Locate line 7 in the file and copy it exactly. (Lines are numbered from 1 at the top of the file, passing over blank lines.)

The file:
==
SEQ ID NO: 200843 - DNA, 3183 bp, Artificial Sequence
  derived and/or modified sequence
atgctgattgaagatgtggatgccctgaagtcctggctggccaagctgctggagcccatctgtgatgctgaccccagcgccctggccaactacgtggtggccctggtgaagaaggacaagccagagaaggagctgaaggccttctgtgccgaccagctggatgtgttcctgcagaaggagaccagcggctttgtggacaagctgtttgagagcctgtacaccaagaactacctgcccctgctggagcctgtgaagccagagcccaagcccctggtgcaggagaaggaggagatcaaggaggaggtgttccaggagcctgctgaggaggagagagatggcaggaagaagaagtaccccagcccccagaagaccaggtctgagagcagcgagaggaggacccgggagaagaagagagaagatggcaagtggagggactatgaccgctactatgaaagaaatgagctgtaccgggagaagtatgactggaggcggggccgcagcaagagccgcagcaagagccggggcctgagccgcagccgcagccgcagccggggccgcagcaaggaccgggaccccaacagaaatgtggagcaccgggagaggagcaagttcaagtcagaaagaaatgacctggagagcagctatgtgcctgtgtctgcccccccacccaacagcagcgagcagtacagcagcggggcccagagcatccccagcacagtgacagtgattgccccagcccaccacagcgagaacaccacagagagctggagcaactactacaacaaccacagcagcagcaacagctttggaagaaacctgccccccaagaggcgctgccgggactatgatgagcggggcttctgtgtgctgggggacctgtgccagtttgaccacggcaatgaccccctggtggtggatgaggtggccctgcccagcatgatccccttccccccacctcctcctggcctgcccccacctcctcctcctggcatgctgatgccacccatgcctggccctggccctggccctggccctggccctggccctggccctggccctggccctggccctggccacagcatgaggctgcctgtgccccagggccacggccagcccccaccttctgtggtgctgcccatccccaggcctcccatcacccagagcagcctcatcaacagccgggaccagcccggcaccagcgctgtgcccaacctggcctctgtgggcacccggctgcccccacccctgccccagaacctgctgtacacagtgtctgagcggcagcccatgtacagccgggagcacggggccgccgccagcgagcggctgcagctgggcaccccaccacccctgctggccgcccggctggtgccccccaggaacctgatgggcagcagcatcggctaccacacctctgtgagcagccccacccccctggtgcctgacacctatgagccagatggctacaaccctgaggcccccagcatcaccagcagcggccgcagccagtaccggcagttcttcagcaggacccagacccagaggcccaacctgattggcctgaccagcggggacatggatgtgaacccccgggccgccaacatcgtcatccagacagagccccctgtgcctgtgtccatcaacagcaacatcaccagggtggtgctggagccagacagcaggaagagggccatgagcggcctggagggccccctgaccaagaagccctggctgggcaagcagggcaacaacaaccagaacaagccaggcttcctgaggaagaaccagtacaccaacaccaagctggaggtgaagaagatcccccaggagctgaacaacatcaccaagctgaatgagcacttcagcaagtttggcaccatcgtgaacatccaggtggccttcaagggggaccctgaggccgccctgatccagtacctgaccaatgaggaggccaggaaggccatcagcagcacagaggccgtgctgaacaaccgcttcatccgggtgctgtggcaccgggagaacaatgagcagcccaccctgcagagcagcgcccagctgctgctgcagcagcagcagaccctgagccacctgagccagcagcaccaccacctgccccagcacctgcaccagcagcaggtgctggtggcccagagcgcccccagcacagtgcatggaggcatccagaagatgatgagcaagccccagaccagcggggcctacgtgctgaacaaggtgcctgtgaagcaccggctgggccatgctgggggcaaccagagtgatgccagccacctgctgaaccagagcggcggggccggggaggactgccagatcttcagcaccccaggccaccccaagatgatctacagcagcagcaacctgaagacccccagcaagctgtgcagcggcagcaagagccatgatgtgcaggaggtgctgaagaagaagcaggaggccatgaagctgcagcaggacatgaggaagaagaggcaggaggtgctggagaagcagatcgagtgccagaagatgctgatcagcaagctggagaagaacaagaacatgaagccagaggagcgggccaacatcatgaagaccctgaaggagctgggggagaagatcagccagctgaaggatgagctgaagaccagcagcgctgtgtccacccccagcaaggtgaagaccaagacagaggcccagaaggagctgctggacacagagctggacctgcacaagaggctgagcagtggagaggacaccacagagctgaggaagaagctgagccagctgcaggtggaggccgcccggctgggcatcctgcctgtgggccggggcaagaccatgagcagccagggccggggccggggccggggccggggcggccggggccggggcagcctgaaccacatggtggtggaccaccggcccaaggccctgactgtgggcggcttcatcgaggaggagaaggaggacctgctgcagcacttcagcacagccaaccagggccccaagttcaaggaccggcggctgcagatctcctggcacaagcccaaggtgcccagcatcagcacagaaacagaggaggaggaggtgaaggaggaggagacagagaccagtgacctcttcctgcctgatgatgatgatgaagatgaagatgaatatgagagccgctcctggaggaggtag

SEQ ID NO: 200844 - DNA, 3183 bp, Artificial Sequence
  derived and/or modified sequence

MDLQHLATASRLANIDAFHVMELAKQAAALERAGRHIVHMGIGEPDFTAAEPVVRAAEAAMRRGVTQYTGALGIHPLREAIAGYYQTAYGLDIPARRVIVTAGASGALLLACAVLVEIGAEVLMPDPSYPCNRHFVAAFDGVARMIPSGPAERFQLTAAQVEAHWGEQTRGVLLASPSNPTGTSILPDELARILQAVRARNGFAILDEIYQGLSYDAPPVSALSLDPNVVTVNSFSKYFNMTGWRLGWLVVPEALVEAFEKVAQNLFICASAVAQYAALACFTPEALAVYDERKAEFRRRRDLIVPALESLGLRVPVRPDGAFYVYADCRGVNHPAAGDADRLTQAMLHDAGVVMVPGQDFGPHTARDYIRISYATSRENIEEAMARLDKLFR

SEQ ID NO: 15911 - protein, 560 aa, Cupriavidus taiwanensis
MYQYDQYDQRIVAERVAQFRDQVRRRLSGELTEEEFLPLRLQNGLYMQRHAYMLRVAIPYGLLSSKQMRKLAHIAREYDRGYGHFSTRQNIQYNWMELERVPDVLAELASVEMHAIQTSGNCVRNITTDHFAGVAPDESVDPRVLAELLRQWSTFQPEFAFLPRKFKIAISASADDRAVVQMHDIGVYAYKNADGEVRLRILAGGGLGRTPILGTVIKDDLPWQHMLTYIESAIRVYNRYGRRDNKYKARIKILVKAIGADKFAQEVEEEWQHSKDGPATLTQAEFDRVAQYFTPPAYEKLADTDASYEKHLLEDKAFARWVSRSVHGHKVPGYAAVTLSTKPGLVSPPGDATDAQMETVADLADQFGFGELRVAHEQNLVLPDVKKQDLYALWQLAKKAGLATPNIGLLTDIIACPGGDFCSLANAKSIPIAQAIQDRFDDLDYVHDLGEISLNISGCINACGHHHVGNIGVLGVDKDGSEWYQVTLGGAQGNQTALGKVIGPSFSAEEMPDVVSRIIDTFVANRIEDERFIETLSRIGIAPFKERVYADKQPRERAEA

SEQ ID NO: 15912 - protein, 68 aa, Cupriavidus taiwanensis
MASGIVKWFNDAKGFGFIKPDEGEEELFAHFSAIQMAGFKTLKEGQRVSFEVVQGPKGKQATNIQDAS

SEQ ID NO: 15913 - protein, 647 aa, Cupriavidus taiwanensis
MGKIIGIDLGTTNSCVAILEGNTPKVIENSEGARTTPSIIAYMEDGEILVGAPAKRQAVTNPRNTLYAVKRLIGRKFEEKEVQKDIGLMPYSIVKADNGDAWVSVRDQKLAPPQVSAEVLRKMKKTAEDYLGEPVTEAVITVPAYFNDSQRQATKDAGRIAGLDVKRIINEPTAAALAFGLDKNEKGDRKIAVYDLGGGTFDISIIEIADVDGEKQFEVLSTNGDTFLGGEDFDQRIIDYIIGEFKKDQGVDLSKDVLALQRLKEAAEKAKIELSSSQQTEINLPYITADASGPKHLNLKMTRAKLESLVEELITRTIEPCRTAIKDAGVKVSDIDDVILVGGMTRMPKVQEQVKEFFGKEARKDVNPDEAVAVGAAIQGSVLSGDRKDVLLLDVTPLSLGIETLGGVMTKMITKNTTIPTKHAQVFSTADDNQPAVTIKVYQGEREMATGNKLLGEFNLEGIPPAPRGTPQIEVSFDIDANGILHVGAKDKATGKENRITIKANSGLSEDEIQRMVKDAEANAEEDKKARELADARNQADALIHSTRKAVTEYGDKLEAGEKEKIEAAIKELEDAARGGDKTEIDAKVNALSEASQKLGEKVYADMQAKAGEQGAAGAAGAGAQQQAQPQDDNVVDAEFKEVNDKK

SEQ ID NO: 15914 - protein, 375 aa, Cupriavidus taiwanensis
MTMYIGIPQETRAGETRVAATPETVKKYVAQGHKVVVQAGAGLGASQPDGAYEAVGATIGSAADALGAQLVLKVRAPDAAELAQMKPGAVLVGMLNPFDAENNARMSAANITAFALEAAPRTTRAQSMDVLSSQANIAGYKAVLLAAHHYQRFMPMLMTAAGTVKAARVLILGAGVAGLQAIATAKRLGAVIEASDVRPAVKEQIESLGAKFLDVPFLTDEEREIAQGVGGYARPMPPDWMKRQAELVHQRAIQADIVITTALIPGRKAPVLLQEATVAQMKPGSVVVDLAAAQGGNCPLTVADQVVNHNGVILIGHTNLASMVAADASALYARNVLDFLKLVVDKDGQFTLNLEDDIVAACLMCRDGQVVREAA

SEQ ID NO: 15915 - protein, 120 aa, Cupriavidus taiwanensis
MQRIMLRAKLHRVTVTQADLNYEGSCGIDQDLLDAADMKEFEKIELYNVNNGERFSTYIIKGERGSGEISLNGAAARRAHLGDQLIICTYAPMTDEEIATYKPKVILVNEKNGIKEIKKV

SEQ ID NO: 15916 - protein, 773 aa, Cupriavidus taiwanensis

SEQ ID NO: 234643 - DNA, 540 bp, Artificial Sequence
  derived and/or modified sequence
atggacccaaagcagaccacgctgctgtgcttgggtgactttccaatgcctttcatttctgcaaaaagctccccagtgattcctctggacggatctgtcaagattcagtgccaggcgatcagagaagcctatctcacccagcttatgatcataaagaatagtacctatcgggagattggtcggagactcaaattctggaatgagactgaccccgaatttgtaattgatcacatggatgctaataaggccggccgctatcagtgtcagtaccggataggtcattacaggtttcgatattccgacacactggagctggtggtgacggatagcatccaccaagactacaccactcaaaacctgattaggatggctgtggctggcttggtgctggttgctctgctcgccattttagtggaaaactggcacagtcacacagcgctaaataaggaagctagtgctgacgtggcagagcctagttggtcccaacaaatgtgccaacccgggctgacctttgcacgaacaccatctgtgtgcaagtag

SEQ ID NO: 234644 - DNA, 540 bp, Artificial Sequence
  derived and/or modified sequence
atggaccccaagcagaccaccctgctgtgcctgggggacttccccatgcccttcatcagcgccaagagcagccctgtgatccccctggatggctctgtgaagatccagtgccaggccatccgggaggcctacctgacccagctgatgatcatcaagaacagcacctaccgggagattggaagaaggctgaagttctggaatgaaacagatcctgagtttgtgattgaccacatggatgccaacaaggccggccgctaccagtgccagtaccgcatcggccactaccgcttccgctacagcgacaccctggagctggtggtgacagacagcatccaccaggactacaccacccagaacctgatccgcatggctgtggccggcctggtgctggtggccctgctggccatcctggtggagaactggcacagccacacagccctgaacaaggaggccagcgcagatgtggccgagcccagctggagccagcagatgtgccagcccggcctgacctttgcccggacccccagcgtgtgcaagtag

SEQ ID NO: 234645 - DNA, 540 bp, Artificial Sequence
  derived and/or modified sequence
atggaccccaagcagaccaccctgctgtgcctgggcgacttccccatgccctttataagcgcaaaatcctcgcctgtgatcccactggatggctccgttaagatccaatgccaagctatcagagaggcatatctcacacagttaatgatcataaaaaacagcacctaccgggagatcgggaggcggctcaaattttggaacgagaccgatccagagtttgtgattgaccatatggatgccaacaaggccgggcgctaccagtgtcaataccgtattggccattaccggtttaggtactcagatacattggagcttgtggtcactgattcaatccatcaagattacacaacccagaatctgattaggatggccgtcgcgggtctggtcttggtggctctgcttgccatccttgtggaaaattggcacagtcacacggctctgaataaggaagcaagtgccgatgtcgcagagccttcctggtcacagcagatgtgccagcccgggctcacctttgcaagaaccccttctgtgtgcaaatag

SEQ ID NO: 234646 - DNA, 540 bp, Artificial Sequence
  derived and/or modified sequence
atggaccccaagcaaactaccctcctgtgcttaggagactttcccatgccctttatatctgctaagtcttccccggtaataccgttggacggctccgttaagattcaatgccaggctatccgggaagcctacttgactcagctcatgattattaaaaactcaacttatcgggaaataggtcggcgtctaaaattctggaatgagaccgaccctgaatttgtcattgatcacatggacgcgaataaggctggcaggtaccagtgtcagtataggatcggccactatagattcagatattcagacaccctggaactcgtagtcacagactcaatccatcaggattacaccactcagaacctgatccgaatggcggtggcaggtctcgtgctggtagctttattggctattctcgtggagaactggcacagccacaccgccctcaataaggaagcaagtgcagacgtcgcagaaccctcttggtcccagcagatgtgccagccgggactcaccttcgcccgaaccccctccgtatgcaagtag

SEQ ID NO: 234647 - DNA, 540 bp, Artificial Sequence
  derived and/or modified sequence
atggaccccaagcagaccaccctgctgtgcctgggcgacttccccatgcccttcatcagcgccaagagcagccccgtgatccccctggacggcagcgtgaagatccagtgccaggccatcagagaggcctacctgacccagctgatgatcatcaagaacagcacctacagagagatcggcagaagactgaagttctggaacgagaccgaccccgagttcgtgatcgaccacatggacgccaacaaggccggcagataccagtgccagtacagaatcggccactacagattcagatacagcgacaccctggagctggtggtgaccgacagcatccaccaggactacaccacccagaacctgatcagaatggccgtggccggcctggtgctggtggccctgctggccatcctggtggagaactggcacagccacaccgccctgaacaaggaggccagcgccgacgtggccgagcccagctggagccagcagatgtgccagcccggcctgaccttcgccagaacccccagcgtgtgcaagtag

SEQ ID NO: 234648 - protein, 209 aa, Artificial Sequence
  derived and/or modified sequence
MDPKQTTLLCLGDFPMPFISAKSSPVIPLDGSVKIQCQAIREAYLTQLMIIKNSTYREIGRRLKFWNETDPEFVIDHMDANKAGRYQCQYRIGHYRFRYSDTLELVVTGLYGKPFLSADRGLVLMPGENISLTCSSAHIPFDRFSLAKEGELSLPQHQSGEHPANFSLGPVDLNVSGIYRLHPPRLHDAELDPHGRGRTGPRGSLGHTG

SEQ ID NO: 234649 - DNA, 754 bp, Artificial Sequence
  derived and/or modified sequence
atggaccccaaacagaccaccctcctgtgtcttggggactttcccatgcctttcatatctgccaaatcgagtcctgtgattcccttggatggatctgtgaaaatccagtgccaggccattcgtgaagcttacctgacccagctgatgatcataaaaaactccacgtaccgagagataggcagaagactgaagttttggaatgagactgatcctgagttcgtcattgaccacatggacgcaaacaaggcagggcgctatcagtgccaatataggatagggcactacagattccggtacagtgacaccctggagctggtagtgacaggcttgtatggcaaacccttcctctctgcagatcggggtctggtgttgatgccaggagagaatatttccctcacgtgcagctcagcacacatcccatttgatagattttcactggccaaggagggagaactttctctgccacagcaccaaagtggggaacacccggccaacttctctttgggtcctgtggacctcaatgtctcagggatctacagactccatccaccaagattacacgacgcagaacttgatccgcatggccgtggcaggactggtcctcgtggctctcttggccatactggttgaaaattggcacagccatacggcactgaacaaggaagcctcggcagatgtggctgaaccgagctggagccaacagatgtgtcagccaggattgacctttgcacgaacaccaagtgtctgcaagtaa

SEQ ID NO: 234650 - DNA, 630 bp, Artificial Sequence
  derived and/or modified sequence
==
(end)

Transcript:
SEQ ID NO: 15911 - protein, 560 aa, Cupriavidus taiwanensis